Warning


Payday loans can charge high rates of interest—up to 400%—and hit you with hidden fees.

Payday Loans vs. Personal Loans

Investopedia / Amelia Manley

How Payday Loans Work

It’s normally very easy to get a payday loan. You can walk into a payday lender’s office and walk out with a loan. You will not have to give anything to the lender in order to secure the loan, as you would at a pawnshop. Instead, the lender will normally ask you for permission to electronically take money from your bank, credit union, or prepaid card account. Sometimes, the lender may ask you to write a
check for the repayment amount, which the lender will cash when the loan is due.

Payday loans can be expensive. Payday lenders charge very high levels of interest: as much as 780% in annual percentage rate (APR), with an average loan running at nearly 400%. Most states have usury laws that limit interest charges to anywhere from 5% to 30%. However, payday lenders fall under exemptions that allow for their high interest. Sixteen states—Arizona, Arkansas, Colorado, Connecticut, Georgia, Maryland, Massachusetts, New Jersey, Montana, New Hampshire, New York, North Carolina, Pennsylvania, South Dakota, Vermont, and West Virginia, as well as the District of Columbia—have outright bans on extremely high-cost payday lending. Seven states—Maine, New Mexico, Ohio, Oklahoma, Oregon, Virginia, and Washington—have imposed a measure of some kind, such as term limits, fee limits, or the number of loans per borrower that provide some protection for consumers.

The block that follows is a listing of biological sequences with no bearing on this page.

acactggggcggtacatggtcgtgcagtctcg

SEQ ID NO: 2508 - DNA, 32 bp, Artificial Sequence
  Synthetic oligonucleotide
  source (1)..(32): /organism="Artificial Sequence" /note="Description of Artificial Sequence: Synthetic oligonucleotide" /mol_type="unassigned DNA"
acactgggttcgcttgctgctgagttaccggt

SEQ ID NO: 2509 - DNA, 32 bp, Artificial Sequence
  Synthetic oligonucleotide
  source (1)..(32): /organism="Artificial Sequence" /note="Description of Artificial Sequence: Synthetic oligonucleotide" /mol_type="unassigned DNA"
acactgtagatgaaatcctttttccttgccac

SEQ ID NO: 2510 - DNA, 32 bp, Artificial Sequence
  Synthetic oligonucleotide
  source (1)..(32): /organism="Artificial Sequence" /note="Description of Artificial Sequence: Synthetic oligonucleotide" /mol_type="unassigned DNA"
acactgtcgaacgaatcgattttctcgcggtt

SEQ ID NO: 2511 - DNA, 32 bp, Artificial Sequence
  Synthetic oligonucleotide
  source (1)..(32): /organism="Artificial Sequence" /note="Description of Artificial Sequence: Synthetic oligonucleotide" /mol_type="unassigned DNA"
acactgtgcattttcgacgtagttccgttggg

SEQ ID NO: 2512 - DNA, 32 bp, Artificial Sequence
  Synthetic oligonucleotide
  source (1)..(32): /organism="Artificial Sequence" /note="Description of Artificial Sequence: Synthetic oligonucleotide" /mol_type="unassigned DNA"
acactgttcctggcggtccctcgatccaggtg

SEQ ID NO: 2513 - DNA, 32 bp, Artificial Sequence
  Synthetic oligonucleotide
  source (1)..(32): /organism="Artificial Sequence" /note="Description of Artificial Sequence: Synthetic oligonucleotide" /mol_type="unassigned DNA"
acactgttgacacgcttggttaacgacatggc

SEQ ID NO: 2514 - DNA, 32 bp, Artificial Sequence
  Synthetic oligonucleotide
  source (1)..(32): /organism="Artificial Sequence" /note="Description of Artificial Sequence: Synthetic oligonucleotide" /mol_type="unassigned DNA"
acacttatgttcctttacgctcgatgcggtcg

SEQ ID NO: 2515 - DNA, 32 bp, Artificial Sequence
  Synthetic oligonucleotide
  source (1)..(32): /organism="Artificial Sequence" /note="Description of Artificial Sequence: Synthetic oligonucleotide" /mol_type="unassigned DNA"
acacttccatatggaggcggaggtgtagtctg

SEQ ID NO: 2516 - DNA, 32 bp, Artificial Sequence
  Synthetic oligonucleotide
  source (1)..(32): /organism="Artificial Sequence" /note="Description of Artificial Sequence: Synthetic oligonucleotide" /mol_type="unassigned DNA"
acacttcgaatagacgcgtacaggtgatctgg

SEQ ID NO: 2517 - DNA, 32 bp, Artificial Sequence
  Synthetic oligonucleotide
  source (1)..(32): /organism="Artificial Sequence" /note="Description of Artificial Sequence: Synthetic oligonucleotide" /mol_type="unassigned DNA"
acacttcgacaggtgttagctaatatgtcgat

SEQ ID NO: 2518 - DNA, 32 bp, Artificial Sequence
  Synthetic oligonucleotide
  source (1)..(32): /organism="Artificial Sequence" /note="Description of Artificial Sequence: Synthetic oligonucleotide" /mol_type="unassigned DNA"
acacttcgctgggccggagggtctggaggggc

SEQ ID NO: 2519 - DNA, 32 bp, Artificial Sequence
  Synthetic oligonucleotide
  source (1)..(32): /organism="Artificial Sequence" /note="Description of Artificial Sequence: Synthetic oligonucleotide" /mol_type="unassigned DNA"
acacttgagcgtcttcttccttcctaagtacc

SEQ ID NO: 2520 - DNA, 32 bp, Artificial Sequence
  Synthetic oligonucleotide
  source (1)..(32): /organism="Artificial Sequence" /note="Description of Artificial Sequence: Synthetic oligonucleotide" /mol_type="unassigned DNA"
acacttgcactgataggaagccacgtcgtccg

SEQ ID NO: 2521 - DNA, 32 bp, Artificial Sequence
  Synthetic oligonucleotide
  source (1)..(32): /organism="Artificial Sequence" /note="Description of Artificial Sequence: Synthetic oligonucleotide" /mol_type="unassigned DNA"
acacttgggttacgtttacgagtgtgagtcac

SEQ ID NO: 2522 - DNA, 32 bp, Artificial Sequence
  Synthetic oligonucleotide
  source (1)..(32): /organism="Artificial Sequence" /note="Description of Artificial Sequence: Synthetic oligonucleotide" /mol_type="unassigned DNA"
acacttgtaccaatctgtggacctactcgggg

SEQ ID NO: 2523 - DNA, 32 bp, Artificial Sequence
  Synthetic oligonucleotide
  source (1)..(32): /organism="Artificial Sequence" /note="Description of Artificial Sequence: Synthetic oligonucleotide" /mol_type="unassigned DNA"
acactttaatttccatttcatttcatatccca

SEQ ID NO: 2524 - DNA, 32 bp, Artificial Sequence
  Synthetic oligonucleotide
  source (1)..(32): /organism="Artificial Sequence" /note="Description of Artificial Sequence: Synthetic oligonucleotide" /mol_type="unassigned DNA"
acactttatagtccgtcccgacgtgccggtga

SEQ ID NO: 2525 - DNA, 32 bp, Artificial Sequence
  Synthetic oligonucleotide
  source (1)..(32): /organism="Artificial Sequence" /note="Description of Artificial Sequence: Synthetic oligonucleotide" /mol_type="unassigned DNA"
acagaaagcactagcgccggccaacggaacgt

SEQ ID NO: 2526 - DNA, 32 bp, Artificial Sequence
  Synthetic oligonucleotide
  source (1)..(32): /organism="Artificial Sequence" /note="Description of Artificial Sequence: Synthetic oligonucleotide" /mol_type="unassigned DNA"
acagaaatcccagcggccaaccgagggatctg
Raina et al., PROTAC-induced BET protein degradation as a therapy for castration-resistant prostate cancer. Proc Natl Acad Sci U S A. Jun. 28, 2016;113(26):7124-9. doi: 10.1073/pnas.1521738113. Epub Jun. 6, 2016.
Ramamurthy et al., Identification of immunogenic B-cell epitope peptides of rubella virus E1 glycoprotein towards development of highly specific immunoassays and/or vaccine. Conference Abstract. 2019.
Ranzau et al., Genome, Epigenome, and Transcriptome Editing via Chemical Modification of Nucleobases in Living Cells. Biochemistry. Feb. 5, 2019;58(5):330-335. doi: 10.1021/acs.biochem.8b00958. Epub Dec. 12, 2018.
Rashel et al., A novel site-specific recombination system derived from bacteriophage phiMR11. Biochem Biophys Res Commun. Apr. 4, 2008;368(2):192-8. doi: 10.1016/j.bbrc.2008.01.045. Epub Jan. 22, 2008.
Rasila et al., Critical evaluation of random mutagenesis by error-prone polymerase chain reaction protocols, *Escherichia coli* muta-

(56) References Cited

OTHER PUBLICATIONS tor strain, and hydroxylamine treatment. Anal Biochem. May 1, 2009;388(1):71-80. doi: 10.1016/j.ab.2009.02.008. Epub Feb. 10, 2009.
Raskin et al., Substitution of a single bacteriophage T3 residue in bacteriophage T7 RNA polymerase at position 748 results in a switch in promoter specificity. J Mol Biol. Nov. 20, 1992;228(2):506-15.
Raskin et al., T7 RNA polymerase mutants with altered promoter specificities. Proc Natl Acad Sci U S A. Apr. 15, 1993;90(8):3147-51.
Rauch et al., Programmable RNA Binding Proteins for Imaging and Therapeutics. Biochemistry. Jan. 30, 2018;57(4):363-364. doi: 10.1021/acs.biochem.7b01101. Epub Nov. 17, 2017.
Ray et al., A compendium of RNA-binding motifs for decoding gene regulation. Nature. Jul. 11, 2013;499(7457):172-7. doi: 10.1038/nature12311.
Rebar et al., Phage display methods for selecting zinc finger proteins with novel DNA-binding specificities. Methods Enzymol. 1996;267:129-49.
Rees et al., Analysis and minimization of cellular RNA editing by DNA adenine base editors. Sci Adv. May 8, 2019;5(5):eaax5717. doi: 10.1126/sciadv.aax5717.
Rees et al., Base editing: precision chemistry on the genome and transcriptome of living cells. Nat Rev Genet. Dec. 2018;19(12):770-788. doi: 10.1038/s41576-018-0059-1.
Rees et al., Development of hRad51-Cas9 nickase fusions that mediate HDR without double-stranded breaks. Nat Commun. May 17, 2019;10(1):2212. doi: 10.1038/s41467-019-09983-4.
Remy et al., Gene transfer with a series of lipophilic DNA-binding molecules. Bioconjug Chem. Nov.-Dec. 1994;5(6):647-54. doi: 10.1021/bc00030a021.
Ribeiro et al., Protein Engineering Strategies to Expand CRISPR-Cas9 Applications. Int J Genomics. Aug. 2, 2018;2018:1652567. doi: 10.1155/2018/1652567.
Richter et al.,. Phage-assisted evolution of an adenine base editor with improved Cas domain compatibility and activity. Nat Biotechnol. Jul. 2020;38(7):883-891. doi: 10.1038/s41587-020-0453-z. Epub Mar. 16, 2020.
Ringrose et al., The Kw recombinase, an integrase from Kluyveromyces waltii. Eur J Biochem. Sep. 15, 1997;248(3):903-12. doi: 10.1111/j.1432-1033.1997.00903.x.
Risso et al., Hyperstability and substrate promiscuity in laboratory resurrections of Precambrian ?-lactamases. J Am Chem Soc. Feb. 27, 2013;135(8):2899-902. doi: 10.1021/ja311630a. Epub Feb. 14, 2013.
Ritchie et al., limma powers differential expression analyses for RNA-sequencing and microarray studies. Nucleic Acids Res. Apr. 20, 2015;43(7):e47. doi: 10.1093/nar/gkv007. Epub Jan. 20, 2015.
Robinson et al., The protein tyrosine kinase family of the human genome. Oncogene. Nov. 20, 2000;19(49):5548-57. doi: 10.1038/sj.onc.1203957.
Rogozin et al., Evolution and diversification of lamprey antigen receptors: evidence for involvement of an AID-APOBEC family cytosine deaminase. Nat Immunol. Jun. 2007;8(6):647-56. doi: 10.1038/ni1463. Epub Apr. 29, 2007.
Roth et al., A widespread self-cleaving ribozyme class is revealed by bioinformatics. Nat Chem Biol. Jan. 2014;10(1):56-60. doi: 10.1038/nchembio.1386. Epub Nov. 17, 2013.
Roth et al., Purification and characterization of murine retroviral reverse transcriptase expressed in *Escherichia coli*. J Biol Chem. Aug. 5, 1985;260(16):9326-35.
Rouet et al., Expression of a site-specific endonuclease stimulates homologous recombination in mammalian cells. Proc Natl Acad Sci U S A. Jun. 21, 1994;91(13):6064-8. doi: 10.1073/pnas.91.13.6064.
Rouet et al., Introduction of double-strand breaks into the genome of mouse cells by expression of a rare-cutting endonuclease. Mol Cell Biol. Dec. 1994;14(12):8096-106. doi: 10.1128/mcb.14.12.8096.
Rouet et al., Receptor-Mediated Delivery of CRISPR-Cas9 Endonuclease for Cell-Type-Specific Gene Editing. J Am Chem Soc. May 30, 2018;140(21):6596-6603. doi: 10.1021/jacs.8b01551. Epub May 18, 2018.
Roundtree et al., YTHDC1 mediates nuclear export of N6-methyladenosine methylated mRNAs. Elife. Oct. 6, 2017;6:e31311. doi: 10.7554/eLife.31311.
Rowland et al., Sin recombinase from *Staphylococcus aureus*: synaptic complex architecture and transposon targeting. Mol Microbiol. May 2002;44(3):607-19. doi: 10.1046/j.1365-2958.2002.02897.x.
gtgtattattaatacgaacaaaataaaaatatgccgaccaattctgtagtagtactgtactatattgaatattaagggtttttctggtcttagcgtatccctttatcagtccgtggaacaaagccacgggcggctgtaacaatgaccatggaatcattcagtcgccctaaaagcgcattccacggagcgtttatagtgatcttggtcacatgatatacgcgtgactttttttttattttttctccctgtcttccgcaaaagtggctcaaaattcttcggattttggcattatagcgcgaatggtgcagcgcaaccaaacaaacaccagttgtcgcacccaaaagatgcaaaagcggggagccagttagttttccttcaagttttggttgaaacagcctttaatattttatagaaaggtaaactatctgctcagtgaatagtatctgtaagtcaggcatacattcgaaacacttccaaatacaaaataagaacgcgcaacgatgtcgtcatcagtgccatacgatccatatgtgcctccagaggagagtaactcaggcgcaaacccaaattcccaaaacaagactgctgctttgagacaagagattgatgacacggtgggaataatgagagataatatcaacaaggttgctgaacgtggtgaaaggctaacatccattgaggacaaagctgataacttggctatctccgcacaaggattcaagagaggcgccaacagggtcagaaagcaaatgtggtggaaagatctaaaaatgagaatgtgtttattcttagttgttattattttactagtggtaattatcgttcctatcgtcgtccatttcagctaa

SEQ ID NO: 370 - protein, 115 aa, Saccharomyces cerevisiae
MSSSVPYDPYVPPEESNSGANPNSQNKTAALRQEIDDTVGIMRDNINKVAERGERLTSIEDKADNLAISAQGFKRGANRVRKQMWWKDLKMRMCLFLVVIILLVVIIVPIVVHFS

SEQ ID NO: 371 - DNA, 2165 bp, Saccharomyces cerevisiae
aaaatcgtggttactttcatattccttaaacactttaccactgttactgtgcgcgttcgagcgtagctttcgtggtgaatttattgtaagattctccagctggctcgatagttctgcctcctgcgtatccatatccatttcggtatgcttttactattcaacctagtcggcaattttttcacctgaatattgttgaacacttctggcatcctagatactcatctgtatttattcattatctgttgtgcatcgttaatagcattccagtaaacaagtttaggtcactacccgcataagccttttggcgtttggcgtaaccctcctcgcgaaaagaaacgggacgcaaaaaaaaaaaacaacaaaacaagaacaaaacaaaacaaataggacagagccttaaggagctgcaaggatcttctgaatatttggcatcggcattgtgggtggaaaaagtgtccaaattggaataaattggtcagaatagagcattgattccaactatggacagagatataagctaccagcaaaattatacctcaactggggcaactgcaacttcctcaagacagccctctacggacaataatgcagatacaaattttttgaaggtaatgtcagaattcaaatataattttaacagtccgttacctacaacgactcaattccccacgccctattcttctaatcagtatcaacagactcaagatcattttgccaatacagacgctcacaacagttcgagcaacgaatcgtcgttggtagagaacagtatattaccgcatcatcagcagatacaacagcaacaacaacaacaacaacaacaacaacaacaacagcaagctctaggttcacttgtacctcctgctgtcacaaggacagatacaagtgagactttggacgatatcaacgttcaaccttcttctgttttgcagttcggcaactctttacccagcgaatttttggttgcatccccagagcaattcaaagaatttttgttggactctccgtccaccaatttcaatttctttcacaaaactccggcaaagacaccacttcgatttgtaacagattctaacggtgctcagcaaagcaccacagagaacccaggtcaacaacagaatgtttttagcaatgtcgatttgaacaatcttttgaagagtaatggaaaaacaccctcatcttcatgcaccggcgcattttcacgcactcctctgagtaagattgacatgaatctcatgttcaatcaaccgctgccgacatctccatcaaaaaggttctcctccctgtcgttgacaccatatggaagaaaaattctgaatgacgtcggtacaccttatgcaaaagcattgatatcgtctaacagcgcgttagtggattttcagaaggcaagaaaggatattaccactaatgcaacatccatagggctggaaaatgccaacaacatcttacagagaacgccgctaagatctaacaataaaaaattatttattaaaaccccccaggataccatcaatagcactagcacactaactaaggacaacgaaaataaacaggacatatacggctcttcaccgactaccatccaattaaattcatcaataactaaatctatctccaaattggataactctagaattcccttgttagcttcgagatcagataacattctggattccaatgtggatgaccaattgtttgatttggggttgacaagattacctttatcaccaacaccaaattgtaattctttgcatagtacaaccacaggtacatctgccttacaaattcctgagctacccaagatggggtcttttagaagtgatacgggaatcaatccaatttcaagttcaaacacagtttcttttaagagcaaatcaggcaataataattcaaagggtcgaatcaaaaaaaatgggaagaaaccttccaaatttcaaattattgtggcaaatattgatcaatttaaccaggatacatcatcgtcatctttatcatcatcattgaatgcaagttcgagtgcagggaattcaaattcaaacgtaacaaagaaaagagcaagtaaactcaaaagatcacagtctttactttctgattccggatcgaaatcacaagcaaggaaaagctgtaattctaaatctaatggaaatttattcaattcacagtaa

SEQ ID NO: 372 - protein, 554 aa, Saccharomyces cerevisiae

Payday lenders say that their high interest rates are misleading because if you repay your payday loan on time, you will not be charged high rates of interest. In some cases, that might be true, but 80% of payday loans are renewed multiple times, according to the Consumer Financial Protection Bureau (CFPB), indicating that the majority of these loans are not paid off on time.

Consolidating Debt


You can use a personal loan to consolidate debt. If your credit rating is good, you can often take out a personal loan with a lower interest rate than you'd pay using your credit cards.

How Personal Loans Work

To get a personal loan, you need to apply to a lender. This can be a bank, credit union, or online personal loan lender. Generally, you would first complete an application. The lender reviews it and decides whether to approve or deny it. If approved, you’ll be given the loan terms, which you can accept or reject. If you agree to them, the next step is finalizing your loan paperwork.

When that’s done, the lender will fund the loan, which means paying you the proceeds. Depending on the lender, these may arrive through a direct deposit into your bank account or by check. After the loan is funded, you can use the money as you see fit.